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Les Mills uses 3D virtual set to train instructors

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Les Mills uses 3D virtual set to train instructors
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BodyPump, BodyCombat, BodyAttack, BodyBalance. Anyone who goes regularly to the gym will probably have heard these terms at some stage. They are the names of some of the most popular exercise and fitness classes in the world. But what you probably don’t know is that they are all registered trademarks, and that not all sports or fitness centers can offer them. That’s because they all belong to Les Mills.

Les Mills is the world leader in group fitness activities. It all started when four-time Olympian Les Mills opened his first gym in Auckland, New Zealand, back in 1968 because he wanted to make training more accessible to the general public.

Today, Les Mills workouts are delivered by 140,000 instructors in 17,500 centers in 100 countries around the globe, and are available as live sessions, in streaming, virtual, immersive classes, on demand or as content integrated in the applications of clubs and gyms.

What gives the brand its true edge over its competitors are its group classes which change their choreography every three months. An instructor shows customers how to do the movements in group so that they make the most of their physical routines without the sense of repetitiveness. But not all gyms can offer these classes. To do so, they have to pay a monthly rate to guarantee their instructors ongoing training.

Precisely for the latest training of its community of instructors in Spain, Aefa Les Mills, Les Mills’ official agency in Spain, wanted to set in place a different and attractive project that could be done remotely due to COVID restrictions. For this purpose it contacted MappScreen, the audiovisual management and content creation company, which proposed using a virtual environment to recreate the experience of live workouts with the maximum reality and proximity with instructors possible.

MappScreen then went on to design a virtual set at MTK Space’s installations in Barcelona using the Unreal Engine 3D creation platform and run on the Notch real-time graphics tool. The lighting, screens and cameras on the set were virtual and animated, and were controlled remotely by Artnet and Midi.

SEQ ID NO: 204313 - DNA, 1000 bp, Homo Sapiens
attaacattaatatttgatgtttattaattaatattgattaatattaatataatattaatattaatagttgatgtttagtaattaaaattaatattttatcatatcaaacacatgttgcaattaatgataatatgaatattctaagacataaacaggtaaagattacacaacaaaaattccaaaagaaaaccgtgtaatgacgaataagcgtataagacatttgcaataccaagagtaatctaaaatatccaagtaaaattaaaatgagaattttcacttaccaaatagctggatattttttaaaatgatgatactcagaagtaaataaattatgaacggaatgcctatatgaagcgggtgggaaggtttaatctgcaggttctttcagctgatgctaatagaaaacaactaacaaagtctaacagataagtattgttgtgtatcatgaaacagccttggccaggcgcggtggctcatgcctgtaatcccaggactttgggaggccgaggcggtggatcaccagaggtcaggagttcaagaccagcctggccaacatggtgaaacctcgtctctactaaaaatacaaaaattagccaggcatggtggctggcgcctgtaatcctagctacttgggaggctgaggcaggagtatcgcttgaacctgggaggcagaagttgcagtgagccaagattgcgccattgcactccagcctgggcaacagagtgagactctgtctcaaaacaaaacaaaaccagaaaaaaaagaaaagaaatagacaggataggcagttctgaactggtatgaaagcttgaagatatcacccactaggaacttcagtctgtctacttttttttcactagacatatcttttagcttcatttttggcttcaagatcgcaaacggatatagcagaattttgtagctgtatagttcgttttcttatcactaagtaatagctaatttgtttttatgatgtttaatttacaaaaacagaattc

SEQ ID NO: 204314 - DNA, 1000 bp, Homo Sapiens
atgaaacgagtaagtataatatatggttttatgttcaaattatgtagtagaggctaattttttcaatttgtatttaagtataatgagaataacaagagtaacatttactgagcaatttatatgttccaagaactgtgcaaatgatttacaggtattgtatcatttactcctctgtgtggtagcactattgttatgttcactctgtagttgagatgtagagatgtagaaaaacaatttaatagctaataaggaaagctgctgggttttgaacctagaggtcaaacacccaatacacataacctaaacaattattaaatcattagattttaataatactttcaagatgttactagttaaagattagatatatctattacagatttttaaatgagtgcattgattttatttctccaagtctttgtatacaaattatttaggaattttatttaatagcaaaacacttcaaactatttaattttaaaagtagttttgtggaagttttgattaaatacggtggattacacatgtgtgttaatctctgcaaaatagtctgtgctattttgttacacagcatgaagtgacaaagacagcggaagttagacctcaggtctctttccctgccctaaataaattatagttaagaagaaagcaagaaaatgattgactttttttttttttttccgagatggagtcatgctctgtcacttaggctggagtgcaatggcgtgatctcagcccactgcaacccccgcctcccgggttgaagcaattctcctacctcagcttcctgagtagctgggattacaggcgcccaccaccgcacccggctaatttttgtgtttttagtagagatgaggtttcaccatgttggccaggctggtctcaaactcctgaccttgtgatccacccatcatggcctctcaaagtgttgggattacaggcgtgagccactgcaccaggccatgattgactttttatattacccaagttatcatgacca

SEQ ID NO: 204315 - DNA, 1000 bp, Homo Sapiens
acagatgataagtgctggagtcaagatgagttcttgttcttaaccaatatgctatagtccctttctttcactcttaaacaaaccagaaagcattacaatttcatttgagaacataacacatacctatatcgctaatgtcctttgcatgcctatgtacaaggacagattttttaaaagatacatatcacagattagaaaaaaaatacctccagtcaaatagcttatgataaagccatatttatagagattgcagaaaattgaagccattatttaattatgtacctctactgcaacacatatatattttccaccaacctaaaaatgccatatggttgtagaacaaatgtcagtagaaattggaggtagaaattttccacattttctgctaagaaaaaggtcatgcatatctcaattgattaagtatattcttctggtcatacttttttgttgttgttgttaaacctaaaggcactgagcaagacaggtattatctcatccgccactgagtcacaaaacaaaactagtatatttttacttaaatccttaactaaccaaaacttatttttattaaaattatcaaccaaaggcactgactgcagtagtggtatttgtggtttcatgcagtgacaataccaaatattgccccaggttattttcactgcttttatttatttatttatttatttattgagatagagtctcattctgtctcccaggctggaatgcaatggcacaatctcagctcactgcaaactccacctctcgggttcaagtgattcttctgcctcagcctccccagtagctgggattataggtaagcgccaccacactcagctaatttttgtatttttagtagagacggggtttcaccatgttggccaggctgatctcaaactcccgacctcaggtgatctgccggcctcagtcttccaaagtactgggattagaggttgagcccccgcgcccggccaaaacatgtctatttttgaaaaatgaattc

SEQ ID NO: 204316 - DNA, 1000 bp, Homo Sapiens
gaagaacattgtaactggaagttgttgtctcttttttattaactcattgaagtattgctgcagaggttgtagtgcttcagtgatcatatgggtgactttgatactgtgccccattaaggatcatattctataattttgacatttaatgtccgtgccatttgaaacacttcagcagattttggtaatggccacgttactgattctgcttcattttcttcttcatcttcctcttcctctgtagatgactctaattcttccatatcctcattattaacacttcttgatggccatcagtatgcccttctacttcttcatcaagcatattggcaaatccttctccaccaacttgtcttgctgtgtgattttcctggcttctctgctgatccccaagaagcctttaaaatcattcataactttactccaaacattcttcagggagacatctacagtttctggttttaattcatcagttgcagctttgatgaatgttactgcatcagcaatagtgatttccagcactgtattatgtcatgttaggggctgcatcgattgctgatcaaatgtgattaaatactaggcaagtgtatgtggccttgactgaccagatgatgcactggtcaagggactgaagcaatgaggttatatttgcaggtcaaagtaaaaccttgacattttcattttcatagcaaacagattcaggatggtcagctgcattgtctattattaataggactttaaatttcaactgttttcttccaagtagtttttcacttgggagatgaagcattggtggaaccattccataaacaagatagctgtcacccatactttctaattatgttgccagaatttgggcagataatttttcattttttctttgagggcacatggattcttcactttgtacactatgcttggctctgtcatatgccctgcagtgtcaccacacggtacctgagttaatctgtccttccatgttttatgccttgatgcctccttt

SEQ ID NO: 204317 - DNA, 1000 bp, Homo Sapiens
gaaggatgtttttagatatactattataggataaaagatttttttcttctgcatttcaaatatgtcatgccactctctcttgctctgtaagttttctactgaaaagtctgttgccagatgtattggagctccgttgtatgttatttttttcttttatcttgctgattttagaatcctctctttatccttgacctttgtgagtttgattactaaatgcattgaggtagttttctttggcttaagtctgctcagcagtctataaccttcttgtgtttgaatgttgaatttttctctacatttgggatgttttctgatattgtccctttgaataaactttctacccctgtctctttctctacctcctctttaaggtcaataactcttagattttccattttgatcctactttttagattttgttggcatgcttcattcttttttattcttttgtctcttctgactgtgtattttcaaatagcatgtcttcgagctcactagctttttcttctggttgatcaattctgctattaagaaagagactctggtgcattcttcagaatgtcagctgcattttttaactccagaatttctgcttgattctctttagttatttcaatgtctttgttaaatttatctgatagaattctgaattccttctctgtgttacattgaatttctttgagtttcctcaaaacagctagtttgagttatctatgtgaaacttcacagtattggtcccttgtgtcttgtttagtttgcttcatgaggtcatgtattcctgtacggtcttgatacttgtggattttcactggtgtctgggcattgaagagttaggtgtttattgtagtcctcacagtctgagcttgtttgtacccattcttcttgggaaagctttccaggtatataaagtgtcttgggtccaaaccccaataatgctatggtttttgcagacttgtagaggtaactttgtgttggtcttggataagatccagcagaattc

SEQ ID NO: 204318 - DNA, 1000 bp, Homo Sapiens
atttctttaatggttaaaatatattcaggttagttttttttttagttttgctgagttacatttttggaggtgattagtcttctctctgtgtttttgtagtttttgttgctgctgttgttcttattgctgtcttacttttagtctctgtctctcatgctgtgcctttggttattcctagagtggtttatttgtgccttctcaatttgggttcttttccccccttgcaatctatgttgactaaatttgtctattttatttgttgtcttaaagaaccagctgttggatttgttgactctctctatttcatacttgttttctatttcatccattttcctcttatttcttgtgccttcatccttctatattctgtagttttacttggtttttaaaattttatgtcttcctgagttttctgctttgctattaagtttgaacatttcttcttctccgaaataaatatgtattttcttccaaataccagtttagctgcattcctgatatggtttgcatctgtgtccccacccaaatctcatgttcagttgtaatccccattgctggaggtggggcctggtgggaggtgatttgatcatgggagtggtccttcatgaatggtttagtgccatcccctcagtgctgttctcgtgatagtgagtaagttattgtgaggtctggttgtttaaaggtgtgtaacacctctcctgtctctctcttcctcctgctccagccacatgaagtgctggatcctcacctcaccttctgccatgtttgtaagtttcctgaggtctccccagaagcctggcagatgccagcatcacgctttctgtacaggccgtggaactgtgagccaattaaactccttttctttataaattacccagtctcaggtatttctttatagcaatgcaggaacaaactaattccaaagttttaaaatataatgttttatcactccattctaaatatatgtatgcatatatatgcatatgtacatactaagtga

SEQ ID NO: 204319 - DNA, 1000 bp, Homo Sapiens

Using different 4K cameras within this virtual environment (crane cameras, and cameras controlled remotely by Xbox One), Les Mills training was delivered in real time via streaming thanks to StreamNinja’s ultra-low latency WebRTC technology which enables streaming with just 0.5 seconds delay and in 4K.

To manage the 4K signals, MappScreen decided to use the Christie® Spyder X80 video processor. “It’s the ideal hardware for managing all input and output signals, monitoring and recording,” explained Xavier Cruz Rubio, CEO of MappScreen, the company looking after the content creation, the execution of the event, the streaming and recording. “Now it would almost be impossible for us to imagine complex events of this kind without the Spyder X80,” he added.

Four inputs and six outputs of the Spyder were used to control both the signals of the 4K cameras which recorded the event, as well as the Notch servers, renderized cameras, a vMix video mixer and the streaming server.

"The truth is that the Spyder integrated to perfection with all the systems we used for the event,” claimed Xavier Cruz Rubio. “As always, its strong point was being able to manage all signals in 4K without losing resources as happens with other systems available in the market when working with 4K."

"Other systems force us to use various linked units in order not to lose resources when everything is 4K. But with one single Spyder X80 we can do it all in 4K effortlessly, and that makes it truly unique. What’s more, its interface is very intuitive and easy to learn. It allows you to do so many things it almost seems like it has no limits."

Thanks to this investment in technology and innovation, instructors from all over Spain were able to discover and learn the new Les Mills choreographies. The training was transmitted in real time via streaming to over 50,000 people who followed the sessions on social media.

"Given the complexity of the technology involved, this event was a real challenge," said Xavier Cruz Rubio, before concluding, "we are delighted to have been able to offer a creative and innovative solution adapted to the current situation, recreating the experience of Les Mills workouts with utmost reality."